Interestingly, all rainforests are examples of entire ecosystems that are lost in time and no longer fit the modern environment on the planet... they couldn't develop during the ice ages it was way back when the planet was hot and all of the land including the poles was all a massive jungle... and later on when the climate cooled down most of it disappeared with just small chunks in the tropics remaining... and which is why a rainforest cannot recover after being cut down and why it's so detrimental the deforestation of Amazon and such especially with their globally stabilising role with the weather being much more aggressive hadn't it been for their regulatory moisturising effect on the planet's scale... but lol maybe with the global warming when we reach temps high enough on the poles it will grow back, given the temperature grows slow enough not to just wipe out all the life on the way before the forests manage to expand...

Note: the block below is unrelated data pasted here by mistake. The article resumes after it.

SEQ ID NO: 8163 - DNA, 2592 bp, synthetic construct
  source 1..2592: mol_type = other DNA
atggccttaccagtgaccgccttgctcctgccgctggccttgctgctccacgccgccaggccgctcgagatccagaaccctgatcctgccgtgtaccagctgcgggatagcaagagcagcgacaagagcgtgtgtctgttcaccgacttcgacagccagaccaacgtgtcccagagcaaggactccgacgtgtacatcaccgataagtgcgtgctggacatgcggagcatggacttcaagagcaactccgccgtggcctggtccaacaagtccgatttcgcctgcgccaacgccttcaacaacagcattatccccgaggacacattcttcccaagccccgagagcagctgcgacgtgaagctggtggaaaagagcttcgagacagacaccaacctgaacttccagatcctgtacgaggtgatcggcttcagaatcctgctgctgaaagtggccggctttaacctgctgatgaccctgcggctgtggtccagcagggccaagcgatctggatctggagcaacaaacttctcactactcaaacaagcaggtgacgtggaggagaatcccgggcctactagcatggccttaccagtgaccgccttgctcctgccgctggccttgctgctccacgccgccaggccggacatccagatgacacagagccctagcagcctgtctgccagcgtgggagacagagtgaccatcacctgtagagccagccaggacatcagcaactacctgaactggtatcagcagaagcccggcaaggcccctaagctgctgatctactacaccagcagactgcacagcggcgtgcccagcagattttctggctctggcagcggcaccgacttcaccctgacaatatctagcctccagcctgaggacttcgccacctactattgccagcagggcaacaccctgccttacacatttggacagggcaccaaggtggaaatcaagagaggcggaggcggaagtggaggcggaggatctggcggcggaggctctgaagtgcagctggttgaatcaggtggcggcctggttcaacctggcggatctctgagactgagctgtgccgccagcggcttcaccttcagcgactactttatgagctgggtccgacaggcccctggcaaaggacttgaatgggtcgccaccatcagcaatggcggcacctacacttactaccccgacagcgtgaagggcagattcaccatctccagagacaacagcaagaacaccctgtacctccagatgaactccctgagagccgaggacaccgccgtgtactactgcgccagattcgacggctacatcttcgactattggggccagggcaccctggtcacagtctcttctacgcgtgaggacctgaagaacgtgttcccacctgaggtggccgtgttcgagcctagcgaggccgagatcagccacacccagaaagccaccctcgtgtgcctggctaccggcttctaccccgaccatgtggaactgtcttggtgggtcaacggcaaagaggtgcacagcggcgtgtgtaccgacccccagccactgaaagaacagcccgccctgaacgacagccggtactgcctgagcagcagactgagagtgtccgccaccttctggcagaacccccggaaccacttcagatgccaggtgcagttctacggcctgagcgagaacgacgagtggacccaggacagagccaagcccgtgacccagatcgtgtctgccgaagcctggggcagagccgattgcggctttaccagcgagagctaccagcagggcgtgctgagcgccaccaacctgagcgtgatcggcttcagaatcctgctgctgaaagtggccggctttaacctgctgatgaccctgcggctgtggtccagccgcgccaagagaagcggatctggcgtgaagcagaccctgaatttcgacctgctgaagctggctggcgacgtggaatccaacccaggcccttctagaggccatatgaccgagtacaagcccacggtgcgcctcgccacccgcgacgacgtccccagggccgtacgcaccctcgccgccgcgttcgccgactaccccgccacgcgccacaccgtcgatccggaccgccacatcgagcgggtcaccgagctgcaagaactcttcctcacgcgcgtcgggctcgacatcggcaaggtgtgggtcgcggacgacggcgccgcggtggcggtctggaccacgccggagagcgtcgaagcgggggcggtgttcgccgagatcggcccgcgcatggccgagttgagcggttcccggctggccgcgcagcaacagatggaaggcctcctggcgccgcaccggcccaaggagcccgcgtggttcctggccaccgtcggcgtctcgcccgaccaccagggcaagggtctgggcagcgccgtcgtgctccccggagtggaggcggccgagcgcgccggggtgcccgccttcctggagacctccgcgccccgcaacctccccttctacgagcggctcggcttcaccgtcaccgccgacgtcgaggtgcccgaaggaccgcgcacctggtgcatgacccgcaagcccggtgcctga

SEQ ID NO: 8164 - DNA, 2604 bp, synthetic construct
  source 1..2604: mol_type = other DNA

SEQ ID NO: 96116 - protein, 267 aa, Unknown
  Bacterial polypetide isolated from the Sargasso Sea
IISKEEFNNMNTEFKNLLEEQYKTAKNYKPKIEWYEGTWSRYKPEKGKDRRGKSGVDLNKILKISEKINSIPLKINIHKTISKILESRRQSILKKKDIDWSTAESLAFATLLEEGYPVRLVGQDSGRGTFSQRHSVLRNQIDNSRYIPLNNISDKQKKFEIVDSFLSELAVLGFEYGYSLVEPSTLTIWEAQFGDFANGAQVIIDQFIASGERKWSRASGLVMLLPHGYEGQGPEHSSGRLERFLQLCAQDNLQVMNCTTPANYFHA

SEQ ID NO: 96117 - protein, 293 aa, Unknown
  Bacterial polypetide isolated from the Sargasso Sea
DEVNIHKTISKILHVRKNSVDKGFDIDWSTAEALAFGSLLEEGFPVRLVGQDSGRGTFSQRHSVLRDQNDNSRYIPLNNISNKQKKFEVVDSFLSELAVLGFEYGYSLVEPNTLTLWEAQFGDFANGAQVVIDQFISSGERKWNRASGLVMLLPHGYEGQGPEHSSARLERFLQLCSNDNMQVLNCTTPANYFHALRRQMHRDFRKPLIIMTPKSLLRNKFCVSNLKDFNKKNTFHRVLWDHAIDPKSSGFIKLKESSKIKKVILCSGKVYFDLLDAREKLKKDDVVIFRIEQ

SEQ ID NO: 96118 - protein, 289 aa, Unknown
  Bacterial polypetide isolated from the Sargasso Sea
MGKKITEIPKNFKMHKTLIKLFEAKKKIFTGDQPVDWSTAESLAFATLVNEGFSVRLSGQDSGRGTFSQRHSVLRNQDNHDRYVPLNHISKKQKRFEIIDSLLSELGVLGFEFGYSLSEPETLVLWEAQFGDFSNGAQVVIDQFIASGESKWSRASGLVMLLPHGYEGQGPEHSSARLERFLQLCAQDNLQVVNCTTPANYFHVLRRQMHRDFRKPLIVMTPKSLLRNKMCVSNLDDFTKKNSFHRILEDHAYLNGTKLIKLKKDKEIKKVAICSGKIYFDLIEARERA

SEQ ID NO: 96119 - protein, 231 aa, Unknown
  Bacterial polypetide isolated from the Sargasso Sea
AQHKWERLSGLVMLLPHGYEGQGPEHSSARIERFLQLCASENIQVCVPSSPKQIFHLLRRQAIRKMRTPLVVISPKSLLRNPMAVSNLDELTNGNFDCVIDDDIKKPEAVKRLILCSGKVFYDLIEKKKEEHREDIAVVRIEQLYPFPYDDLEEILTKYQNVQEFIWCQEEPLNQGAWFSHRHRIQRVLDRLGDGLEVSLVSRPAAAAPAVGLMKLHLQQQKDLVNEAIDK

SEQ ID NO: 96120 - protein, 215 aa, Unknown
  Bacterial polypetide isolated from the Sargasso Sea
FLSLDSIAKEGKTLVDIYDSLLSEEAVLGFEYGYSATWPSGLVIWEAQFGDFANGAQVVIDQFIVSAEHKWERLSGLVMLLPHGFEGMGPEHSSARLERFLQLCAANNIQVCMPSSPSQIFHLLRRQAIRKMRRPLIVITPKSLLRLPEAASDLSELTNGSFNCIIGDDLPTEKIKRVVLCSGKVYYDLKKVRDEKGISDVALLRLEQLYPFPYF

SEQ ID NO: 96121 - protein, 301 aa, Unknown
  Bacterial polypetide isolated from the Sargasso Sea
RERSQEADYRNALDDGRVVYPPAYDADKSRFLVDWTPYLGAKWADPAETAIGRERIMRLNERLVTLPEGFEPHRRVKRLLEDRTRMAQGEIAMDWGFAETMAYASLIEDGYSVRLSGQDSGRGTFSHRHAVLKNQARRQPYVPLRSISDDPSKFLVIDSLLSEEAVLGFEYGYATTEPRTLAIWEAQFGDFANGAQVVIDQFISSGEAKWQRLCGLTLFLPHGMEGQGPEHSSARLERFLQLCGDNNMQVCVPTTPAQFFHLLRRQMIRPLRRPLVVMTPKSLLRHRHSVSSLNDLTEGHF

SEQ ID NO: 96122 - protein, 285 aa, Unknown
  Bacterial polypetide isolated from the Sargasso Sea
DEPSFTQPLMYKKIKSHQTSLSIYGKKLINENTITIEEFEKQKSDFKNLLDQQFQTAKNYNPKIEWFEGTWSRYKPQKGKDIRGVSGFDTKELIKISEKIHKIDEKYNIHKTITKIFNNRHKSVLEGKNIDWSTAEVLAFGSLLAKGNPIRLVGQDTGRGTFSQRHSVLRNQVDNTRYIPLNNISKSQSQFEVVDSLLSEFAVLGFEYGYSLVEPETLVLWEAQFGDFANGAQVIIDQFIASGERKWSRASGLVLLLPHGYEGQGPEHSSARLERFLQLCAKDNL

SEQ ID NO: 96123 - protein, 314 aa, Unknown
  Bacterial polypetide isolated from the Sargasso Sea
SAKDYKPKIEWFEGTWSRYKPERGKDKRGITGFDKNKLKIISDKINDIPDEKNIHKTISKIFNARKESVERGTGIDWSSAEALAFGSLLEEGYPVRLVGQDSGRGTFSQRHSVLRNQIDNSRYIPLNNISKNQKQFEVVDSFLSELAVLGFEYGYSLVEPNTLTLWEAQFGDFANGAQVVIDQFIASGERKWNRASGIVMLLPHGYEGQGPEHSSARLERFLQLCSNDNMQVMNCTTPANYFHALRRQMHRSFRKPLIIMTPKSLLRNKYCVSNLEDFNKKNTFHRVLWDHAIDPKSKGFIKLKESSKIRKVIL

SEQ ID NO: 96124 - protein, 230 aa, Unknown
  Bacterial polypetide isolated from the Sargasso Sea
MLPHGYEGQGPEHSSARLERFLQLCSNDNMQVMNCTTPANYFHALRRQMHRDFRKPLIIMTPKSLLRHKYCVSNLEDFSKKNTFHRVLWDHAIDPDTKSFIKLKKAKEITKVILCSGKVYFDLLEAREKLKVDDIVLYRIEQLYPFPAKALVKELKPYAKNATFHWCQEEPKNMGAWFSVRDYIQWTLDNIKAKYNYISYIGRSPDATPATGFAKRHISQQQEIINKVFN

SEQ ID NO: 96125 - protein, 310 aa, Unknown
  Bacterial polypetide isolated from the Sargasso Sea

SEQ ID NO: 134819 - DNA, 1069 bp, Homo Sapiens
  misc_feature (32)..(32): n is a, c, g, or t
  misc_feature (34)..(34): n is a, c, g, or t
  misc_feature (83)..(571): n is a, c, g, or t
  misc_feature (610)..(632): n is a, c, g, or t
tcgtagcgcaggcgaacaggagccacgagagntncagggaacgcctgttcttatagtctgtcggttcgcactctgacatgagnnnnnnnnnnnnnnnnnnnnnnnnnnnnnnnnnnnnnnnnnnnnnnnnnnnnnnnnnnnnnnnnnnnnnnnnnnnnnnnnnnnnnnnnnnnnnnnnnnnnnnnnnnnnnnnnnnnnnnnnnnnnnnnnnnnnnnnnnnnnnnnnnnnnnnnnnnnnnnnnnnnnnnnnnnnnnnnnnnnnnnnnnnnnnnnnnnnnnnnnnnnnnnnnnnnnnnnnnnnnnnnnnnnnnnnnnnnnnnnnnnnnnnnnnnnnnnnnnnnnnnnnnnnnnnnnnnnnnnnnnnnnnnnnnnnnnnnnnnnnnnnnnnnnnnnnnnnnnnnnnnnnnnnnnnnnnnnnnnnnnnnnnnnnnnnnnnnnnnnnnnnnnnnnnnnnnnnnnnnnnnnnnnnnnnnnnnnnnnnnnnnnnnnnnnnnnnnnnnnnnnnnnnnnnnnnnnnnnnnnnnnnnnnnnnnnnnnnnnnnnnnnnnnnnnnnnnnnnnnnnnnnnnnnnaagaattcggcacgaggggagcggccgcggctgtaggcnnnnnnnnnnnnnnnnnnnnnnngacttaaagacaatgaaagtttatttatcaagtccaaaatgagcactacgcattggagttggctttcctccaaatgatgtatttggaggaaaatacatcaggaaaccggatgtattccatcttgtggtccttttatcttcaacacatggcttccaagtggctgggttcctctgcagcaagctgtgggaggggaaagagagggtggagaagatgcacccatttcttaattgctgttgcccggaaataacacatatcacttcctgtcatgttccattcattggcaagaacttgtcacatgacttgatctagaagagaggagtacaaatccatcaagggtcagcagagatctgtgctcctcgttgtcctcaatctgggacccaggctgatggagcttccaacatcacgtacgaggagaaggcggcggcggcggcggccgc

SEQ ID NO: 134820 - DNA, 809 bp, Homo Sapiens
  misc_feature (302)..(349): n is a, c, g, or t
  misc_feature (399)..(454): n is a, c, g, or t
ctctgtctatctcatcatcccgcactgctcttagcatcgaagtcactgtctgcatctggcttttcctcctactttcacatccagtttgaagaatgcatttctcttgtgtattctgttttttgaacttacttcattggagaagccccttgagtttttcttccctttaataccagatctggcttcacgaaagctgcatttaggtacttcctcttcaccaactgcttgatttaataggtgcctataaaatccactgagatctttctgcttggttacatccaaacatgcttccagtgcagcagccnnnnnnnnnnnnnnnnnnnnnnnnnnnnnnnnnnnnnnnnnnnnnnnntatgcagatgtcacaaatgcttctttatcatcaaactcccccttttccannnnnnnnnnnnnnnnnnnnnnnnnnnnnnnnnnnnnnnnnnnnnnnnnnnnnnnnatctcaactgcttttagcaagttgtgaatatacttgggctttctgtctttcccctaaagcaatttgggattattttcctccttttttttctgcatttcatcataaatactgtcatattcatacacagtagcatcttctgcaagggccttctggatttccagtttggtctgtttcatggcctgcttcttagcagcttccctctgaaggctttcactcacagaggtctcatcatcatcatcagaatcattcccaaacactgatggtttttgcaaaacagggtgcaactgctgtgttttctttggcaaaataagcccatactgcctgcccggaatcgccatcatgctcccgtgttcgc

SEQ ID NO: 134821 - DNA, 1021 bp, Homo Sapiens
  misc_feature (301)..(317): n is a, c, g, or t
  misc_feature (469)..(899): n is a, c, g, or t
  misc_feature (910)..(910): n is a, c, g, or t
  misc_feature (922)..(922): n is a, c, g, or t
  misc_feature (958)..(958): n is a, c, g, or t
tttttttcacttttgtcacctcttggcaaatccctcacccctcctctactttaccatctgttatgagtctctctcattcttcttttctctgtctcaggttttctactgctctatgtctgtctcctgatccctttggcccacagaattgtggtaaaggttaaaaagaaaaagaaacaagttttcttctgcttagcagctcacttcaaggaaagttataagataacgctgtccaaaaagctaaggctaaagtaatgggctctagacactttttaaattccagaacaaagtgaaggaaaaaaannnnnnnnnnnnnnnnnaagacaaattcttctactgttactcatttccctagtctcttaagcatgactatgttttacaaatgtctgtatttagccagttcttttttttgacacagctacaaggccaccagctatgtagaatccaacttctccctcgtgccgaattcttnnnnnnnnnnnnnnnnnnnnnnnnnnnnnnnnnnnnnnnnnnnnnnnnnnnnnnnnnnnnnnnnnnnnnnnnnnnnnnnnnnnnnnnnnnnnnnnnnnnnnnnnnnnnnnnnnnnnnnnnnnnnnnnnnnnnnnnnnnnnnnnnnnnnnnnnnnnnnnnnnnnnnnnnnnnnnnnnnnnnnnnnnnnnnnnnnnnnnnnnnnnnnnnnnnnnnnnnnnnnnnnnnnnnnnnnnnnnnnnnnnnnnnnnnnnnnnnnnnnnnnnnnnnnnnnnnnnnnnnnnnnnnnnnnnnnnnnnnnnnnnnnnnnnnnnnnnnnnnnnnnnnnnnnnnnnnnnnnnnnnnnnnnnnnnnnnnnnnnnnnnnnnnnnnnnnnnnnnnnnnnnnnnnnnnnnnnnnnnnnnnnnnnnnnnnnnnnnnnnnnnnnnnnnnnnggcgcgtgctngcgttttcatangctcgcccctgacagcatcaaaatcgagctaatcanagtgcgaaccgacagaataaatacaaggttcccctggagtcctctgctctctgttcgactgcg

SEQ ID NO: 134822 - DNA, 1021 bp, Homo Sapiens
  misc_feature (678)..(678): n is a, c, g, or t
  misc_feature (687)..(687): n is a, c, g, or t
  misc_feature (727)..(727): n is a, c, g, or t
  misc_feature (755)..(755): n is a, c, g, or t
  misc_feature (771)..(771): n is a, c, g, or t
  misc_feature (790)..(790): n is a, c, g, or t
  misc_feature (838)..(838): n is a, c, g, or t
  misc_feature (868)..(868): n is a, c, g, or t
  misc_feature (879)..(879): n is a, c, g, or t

Danielle E.
Thank you.
Erik Iacopelli
the condors in captivity. How do they feed them? Give then raw fresh meat or do they let it start to rot first?
Erik Iacopelli
we r the reason, Humans just love killing things off
J-Man88UK
And what do we do? Capture them and put numbers on them. Go humans.
Matthew
Very cool! Never knew this about the California Condor. Looking forward to learning about other "lost in time" animals that are best adapted for extinct ecosystems.
Emyr Lewis
Donate the dead ? Could provide a extra food recourse. Better than pumping them with formaldehyde and shoving them in the ground. No need for such poisons
FalschRum
When you show those great reconstructions of how long extinct animals might have looked like I always wonder if you could reconstruct the sounds that they made. Could you maybe make an episode about that? :)
B.Y.E.
Proghorns are definitely the fastest things I've ever seen...I was driving 100 Km/hr in Saskatchewan alongside a herd going about the same speed.or faster.